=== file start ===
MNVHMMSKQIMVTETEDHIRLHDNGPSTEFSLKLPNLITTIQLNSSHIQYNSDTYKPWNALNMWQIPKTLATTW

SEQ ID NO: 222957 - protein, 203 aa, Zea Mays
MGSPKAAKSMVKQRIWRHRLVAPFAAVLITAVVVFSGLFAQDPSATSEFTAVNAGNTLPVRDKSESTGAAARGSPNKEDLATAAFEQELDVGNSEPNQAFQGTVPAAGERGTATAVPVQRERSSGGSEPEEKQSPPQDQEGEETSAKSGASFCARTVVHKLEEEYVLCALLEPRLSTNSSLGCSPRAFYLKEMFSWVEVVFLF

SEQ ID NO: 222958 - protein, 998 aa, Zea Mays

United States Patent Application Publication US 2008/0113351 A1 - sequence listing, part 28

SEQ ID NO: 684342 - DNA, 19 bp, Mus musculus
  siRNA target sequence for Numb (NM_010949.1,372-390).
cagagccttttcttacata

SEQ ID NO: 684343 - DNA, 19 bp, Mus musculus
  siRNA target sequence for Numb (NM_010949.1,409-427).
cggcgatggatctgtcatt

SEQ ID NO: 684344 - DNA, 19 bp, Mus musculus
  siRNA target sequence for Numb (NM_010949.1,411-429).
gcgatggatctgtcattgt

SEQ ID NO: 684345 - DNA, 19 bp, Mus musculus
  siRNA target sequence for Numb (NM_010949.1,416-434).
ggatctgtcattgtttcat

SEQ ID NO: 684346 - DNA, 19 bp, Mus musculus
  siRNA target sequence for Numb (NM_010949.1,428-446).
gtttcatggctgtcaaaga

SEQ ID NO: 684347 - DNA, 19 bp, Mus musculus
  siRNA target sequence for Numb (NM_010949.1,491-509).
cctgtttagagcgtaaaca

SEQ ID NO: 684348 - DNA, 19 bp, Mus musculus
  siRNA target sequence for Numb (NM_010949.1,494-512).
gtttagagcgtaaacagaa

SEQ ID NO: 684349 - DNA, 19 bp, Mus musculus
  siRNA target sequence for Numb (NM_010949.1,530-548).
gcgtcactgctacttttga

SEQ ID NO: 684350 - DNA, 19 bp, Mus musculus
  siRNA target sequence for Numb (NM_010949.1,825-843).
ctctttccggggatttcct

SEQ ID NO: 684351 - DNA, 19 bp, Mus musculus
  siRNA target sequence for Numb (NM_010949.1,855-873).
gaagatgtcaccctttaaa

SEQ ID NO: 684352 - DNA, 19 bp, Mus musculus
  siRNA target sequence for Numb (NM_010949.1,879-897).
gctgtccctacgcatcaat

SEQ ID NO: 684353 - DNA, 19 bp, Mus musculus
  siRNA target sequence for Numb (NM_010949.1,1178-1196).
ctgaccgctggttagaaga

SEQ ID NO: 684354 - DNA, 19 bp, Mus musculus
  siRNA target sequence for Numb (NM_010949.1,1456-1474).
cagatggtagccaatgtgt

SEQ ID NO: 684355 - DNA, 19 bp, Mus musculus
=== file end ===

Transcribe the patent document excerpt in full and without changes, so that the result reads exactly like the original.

MNVHMMSKQIMVTETEDHIRLHDNGPSTEFSLKLPNLITTIQLNSSHIQYNSDTYKPWNALNMWQIPKTLATTW

SEQ ID NO: 222957 - protein, 203 aa, Zea Mays
MGSPKAAKSMVKQRIWRHRLVAPFAAVLITAVVVFSGLFAQDPSATSEFTAVNAGNTLPVRDKSESTGAAARGSPNKEDLATAAFEQELDVGNSEPNQAFQGTVPAAGERGTATAVPVQRERSSGGSEPEEKQSPPQDQEGEETSAKSGASFCARTVVHKLEEEYVLCALLEPRLSTNSSLGCSPRAFYLKEMFSWVEVVFLF

SEQ ID NO: 222958 - protein, 998 aa, Zea Mays

United States Patent Application Publication US 2008/0113351 A1 - sequence listing, part 28

SEQ ID NO: 684342 - DNA, 19 bp, Mus musculus
  siRNA target sequence for Numb (NM_010949.1,372-390).
cagagccttttcttacata

SEQ ID NO: 684343 - DNA, 19 bp, Mus musculus
  siRNA target sequence for Numb (NM_010949.1,409-427).
cggcgatggatctgtcatt

SEQ ID NO: 684344 - DNA, 19 bp, Mus musculus
  siRNA target sequence for Numb (NM_010949.1,411-429).
gcgatggatctgtcattgt

SEQ ID NO: 684345 - DNA, 19 bp, Mus musculus
  siRNA target sequence for Numb (NM_010949.1,416-434).
ggatctgtcattgtttcat

SEQ ID NO: 684346 - DNA, 19 bp, Mus musculus
  siRNA target sequence for Numb (NM_010949.1,428-446).
gtttcatggctgtcaaaga

SEQ ID NO: 684347 - DNA, 19 bp, Mus musculus
  siRNA target sequence for Numb (NM_010949.1,491-509).
cctgtttagagcgtaaaca

SEQ ID NO: 684348 - DNA, 19 bp, Mus musculus
  siRNA target sequence for Numb (NM_010949.1,494-512).
gtttagagcgtaaacagaa

SEQ ID NO: 684349 - DNA, 19 bp, Mus musculus
  siRNA target sequence for Numb (NM_010949.1,530-548).
gcgtcactgctacttttga

SEQ ID NO: 684350 - DNA, 19 bp, Mus musculus
  siRNA target sequence for Numb (NM_010949.1,825-843).
ctctttccggggatttcct

SEQ ID NO: 684351 - DNA, 19 bp, Mus musculus
  siRNA target sequence for Numb (NM_010949.1,855-873).
gaagatgtcaccctttaaa

SEQ ID NO: 684352 - DNA, 19 bp, Mus musculus
  siRNA target sequence for Numb (NM_010949.1,879-897).
gctgtccctacgcatcaat

SEQ ID NO: 684353 - DNA, 19 bp, Mus musculus
  siRNA target sequence for Numb (NM_010949.1,1178-1196).
ctgaccgctggttagaaga

SEQ ID NO: 684354 - DNA, 19 bp, Mus musculus
  siRNA target sequence for Numb (NM_010949.1,1456-1474).
cagatggtagccaatgtgt

SEQ ID NO: 684355 - DNA, 19 bp, Mus musculus